Proposed Grayson Repowering Project

Grayson's History

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The Grayson Power Plant, named after the City's first Chief Engineer and General Manager Loren Grayson, has been faithfully serving the electrical power needs of the City of Glendale since 1941. Prior to 1937, the City purchased all of its electrical power from the Pacific Light and Power Company (today known as Southern California Edison). That same year after evaluating the current and future electrical needs of the Glendale community, the City not only entered into an agreement to purchase hydroelectric power from the Hoover Dam Project but also made a decision to establish a City owned and operated steam powered electrical generating facility. Construction of the new facility began in 1939 and the first generating unit went into service in 1941. Since that time the facility has been expanded to meet the growing needs of the residents and businesses in the City and has proven to be an invaluable asset to both GWP and more importantly to their customers. However, over time due to age and normal degradation of the equipment, the reliability, efficiency and cost effectiveness of the facility has steadily and continuously declined.

Recognizing the tremendous benefit that locally generated power has provided our City and seeing the long term benefits that would be derived from replacing the existing units not only from an efficiency and cost perspective but also an environmental quality standpoint, the City has embarked on a process for the potential replacement/repowering of the existing facility.

Site Plan

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The primary objective of the Project is to replace the aged, inefficient, inflexible, and unreliable generation units at Grayson Power Plant with approximately 260 megawatt (MW) net modern power generation that is efficient, reliable, operationally flexible, and that can easily integrate into the City of Glendale’s power system. This Project would ensure system reliability, balance renewable imports, and meet the power needs of the City in the event that the importing capacity from external transmission lines is not available to serve its load. 

Demolition

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The City is proposing to replace all the existing generation facilities and their related infrastructure, with the exception of Unit 9, by removing existing aboveground and belowground equipment, and facilities and building new generation facilities.  This includes demolishing the Grayson Power Plant Boiler Building, replacing Cooling Towers 1 through 5, and replacing the generation units, designated as Unit 8A and 8B/C. The existing generation facilities (with the exception of Unit 9) would be replaced with a combination of combined cycle and simple cycle gas turbine generation units. 

Notice of Preparation

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Initial Study

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Site Plan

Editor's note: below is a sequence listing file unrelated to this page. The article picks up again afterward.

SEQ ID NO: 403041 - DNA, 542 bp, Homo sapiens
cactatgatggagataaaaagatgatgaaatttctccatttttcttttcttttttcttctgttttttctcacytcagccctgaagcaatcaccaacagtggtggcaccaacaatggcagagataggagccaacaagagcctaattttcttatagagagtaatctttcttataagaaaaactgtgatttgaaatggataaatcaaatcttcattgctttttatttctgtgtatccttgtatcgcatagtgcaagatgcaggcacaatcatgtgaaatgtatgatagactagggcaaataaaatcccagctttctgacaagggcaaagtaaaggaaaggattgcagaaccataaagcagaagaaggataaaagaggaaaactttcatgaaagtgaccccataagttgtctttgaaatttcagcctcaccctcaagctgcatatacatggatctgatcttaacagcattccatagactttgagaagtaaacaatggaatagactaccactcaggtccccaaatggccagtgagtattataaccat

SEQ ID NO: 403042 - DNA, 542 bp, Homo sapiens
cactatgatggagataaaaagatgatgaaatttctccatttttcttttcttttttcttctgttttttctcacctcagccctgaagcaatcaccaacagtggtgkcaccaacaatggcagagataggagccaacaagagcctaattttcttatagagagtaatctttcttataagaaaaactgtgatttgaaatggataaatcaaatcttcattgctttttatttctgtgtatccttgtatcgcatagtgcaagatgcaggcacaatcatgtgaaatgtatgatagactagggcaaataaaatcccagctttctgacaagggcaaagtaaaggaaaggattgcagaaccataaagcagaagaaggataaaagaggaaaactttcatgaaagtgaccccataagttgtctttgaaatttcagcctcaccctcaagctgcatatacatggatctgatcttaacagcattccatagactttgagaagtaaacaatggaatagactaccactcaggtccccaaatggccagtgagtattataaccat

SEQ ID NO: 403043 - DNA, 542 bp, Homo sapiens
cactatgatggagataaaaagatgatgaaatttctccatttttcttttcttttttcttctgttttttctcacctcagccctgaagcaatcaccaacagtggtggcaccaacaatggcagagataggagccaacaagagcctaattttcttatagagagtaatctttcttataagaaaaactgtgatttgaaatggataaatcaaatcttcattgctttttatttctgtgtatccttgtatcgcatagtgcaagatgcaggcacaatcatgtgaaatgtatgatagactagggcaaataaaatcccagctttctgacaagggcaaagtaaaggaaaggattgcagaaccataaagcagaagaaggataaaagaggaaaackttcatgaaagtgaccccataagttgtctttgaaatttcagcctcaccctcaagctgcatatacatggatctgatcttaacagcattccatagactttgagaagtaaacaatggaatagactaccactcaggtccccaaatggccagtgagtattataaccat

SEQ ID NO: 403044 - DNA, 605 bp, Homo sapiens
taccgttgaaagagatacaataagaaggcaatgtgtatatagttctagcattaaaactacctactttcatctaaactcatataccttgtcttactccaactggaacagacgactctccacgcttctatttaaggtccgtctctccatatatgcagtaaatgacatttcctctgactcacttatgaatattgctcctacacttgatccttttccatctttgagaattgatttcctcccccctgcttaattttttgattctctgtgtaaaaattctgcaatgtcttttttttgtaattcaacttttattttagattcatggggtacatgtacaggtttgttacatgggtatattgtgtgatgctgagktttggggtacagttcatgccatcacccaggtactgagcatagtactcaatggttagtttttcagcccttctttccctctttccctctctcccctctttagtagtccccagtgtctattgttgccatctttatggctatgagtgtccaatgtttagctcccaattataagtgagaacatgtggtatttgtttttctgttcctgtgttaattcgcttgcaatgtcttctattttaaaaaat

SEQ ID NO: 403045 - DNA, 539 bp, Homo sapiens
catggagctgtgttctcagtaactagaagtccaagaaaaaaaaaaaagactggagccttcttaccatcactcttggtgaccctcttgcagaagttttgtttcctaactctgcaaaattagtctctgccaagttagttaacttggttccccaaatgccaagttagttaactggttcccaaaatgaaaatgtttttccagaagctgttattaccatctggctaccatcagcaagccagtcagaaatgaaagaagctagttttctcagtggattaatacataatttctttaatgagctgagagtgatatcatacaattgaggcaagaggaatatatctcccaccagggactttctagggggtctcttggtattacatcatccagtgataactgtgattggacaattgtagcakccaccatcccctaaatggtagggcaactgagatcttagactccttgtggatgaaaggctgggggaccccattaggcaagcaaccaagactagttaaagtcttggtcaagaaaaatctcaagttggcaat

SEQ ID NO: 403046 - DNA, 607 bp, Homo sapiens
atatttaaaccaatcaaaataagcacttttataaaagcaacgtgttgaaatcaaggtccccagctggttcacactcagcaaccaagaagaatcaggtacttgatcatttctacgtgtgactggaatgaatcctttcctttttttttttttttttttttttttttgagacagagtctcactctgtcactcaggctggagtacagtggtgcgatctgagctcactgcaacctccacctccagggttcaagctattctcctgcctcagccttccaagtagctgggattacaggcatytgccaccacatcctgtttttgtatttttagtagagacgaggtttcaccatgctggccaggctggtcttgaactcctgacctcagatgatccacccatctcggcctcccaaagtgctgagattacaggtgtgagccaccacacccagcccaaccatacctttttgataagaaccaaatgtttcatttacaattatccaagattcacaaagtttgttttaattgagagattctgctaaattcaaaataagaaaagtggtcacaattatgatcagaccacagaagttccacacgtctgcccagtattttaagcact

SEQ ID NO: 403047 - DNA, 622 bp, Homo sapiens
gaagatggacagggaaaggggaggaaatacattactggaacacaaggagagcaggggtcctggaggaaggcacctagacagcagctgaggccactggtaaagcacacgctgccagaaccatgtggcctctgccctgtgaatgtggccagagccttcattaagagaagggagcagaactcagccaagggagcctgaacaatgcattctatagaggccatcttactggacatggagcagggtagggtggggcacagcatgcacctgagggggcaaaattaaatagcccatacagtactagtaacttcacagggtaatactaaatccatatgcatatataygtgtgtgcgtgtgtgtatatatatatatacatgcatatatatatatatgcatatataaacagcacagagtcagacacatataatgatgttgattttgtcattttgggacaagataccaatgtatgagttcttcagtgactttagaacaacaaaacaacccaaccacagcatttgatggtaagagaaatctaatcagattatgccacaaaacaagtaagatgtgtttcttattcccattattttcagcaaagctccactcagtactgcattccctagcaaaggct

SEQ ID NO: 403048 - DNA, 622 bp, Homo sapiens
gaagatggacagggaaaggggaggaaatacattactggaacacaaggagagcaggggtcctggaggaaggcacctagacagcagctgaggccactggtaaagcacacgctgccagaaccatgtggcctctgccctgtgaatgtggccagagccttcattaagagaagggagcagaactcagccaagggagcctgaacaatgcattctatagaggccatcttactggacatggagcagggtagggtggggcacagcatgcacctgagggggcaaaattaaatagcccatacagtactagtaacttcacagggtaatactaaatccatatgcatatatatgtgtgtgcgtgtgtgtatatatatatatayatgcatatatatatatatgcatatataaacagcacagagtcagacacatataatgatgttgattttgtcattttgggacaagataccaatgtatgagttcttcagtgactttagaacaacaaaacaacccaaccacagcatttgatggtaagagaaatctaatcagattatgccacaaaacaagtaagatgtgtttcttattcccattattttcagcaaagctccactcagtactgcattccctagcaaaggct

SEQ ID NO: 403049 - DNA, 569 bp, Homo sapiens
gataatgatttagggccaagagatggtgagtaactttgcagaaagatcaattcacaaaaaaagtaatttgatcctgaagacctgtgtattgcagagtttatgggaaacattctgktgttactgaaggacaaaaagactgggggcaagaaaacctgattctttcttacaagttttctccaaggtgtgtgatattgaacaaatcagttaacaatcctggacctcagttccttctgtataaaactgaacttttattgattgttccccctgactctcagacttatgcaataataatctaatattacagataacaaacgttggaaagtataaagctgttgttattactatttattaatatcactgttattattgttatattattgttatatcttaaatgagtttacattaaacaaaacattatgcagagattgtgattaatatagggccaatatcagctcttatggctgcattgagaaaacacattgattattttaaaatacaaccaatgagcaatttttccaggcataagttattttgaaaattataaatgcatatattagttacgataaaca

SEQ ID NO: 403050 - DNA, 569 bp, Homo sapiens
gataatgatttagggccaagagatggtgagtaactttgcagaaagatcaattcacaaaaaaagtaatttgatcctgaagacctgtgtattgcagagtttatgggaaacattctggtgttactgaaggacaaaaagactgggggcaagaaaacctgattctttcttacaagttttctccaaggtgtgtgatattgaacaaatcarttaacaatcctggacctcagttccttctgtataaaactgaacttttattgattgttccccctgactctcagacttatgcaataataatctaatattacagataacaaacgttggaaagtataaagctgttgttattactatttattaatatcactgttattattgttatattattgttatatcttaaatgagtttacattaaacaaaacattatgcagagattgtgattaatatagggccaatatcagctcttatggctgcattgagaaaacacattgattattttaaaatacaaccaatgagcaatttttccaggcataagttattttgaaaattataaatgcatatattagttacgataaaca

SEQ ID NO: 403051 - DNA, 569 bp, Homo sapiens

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The primary objective of the Project is to replace the aged, inefficient, inflexible, and unreliable generation units at Grayson Power Plant with approximately 260 megawatt (MW) net modern power generation that is efficient, reliable, operationally flexible, and that can easily integrate into the City of Glendale’s power system. This Project would ensure system reliability, balance renewable imports, and meet the power needs of the City in the event that the importing capacity from external transmission lines is not available to serve its load. 

Overview

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Overview

The City of Glendale, Department of Water and Power (City) is proposing to repower the Grayson Power Plant (Project), located in an industrial area of the City of Glendale at 800 Air Way, Glendale, California 91201, just northeast of the Interstate 5 and Highway 134 interchange.  A majority of the facilities located at the Grayson Power Plant, with the exception of Unit 9 (a simple cycle peaking plant built in 2003), were completed between 1941 and 1977, and are proposed to be replaced with more reliable, efficient, flexible, and cleaner units and related facilities and infrastructure.  The City is proposing to replace all the existing generation facilities, units, and their related infrastructure, with the exception of Unit 9, by removing existing aboveground and belowground equipment, and facilities and building new generation facilities.  This includes demolishing the Grayson Power Plant Boiler Building, replacing Cooling Towers 1 through 5, and replacing the generation units, designated as Unit 8A and 8B/C. The existing generation facilities (with the exception of Unit 9) would be replaced with a combination of combined cycle and simple cycle gas turbine generation units.

The Project would be located entirely within the existing Grayson Power Plant, an operating power plant. The site is bounded to the south by the Verdugo Wash and Highway 134, to the west by the Los Angeles River and Interstate 5, to the north by commercial properties, and to the east by commercial and residential properties. The approximate coordinates of the Project are 34° 09’ 19” N and 118° 16’ 42” W.


 

On July 23, 2019, at a regularly scheduled meeting, the Glendale City Council unanimously approved the 2019 Integrated Resource Plan and adopted the motions and resolutions that will allow the City to commence preliminary design, environmental reviews, permitting, detailed financial analysis, and contract negotiations for the preferred clean energy portfolio.